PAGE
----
• Water, we collect rainwater to use in the garden and are looking at ways to recycle our grey water.
  • Wood off-cuts (from putting up shelves and battens for curtains) become kindling or garden markers.
  • String and baling twine are saved and used for a hundred and one purposes in the garden.
  • An old wooden wardrobe which had seen better days and was not good enough to offer to a recycling project has been broken down into panels which we've used to make the front of a compost bin, a shelter for the chickens, the side panel of a reclaimed chicken house. The drawers are being used to separate items waiting to be recycled to the local tip (like broken panes of glass, nails and screws etc.).
  • Tights that have laddered will be used to store cabbages and onions and can easily be hung up in the barn where it's cool, airy and dark.
  • Candles which have burnt down to a small stub are saved as used as firelighters. 
  • Leather belts which are beyond going to the charity shop are saved to use in the garden as tree ties.
  • Fluff from the tumble dryer goes into the compost bin and water from its condensing unit is used to water the garden and flower pots.
  • The contents of the vacuum cleaner bag and sweepings from the hard floors and hair from our hairbrushes go into the compost heap.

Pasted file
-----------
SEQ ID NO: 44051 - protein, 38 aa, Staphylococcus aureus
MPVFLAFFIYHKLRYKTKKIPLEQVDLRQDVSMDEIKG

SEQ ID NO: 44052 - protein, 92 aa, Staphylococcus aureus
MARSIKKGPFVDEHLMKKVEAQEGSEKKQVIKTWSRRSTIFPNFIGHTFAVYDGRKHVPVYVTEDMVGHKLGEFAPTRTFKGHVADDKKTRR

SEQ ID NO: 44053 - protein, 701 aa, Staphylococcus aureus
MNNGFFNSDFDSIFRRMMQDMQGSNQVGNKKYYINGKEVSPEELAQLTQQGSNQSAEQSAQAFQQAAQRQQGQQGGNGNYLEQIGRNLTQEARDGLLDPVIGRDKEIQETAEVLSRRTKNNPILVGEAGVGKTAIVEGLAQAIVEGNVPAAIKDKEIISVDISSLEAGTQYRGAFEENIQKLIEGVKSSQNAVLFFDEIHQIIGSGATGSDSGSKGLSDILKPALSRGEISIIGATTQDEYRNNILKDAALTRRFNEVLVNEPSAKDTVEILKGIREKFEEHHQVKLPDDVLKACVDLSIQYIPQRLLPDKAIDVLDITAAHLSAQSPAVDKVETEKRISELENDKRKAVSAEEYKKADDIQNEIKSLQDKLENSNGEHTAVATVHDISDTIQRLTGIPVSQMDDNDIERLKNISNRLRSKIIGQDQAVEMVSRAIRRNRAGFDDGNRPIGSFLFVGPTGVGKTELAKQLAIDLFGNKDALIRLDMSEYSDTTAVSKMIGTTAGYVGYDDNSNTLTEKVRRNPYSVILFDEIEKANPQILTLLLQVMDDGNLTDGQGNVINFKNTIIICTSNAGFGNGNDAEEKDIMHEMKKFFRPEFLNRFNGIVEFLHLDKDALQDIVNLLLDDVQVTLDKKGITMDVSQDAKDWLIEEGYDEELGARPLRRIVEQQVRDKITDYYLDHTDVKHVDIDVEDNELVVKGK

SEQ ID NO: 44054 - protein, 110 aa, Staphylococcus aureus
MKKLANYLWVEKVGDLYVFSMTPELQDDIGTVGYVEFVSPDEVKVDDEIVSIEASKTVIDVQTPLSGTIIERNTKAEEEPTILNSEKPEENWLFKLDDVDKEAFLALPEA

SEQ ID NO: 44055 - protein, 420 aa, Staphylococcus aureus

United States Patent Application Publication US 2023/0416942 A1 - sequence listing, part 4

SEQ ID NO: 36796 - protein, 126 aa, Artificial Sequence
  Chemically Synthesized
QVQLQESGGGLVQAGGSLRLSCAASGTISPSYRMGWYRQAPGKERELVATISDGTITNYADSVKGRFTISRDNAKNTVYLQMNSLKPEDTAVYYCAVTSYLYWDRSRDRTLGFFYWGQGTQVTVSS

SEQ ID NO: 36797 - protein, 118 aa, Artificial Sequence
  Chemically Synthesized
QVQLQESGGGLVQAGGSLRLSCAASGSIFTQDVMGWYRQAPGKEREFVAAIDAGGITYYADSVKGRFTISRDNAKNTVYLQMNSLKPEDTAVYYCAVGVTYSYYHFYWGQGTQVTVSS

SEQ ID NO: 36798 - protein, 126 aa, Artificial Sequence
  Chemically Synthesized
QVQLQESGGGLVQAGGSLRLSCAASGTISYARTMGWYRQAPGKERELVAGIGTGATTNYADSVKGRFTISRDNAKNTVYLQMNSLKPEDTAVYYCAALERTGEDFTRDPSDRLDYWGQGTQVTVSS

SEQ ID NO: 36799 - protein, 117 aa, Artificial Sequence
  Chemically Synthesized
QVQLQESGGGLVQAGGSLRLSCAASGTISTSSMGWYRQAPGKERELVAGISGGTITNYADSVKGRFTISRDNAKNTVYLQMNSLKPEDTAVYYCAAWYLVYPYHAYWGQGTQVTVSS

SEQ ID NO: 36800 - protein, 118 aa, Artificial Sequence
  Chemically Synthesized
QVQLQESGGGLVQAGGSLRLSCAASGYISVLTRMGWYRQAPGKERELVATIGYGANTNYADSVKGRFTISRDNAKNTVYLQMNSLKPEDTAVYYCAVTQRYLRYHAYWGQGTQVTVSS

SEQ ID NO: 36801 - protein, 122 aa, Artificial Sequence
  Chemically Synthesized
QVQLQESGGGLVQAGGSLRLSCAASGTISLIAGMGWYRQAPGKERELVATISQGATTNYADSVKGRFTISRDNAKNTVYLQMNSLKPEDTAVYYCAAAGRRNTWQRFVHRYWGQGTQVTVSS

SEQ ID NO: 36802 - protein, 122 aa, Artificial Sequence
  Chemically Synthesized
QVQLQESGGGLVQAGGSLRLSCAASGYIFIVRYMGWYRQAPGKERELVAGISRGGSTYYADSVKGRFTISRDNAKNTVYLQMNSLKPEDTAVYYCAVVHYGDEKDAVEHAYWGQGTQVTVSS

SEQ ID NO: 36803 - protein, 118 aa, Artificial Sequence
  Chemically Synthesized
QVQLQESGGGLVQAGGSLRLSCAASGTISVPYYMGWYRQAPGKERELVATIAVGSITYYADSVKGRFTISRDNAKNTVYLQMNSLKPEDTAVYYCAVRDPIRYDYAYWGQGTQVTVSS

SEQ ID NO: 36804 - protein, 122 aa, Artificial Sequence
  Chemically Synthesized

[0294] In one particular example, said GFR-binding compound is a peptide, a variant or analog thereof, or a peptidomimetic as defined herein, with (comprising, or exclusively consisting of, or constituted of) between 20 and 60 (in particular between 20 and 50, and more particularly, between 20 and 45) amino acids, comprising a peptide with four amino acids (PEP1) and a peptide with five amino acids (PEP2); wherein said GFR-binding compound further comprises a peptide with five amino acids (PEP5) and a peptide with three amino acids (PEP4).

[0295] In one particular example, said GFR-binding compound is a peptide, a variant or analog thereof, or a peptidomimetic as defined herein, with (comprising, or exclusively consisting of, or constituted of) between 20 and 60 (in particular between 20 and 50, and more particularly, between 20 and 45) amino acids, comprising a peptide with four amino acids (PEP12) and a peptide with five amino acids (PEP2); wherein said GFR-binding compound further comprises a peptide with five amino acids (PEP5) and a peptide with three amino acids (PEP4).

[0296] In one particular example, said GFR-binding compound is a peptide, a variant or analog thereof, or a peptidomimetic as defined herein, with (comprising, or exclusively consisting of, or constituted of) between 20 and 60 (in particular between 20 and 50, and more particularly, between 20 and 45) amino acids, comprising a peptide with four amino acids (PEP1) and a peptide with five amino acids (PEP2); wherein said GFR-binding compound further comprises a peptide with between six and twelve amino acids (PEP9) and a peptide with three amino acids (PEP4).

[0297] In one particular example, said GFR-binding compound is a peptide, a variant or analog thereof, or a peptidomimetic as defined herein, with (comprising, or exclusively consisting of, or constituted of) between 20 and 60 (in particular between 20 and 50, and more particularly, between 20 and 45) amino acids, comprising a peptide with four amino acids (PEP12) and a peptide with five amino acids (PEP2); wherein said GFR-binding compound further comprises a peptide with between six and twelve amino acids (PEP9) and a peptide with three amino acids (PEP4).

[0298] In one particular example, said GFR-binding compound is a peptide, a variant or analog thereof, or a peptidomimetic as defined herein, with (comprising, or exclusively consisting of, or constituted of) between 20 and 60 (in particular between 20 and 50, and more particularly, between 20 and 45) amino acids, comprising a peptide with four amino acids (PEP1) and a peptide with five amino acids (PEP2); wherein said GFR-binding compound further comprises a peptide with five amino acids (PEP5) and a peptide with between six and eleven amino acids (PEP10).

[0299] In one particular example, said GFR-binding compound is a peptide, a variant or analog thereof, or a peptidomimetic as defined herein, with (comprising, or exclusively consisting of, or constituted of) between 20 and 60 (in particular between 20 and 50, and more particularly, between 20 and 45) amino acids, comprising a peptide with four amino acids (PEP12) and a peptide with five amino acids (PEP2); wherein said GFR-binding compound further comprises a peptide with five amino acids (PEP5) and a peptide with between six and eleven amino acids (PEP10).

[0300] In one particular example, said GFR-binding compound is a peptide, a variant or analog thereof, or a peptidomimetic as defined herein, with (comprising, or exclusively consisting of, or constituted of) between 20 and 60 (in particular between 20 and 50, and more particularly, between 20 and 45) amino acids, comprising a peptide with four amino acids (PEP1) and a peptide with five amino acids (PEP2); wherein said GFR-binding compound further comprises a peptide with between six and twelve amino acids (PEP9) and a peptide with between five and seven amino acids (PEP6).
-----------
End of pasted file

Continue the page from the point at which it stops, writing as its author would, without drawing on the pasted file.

Before I throw anything in the bin, I pause for a moment and just think about whether there's another use for it before it goes into the black bin bag. Recycling plastics, glass and metal tins has become habitual and whilst I used to think it was a nuisance to spend time separating everything out, we have now devised an easy system in the kitchen so it takes no time at all.

We are lucky to have a recess next to the chimney breast that is just the right size for a small dresser with three kitchen bins lined up next to it. The non-recyclable rubbish bin (black bin bags) has a swing top lid on it to prevent flies from getting into it, but the two recycling bins are open topped so I can easily drop paper and card into one and plastic, glass and metal into the other. One side of the kitchen sink I have a medium size container that I line with a paper bag for peelings and food waste that will go to the compost bin. Next to it is a small container for food scraps for the chickens and on the other side of the sink is a small lidded container for food waste that can't go into the compost or to the chickens. There is a small plastic tub by the sink for washed egg shells as I sterilise these in batches.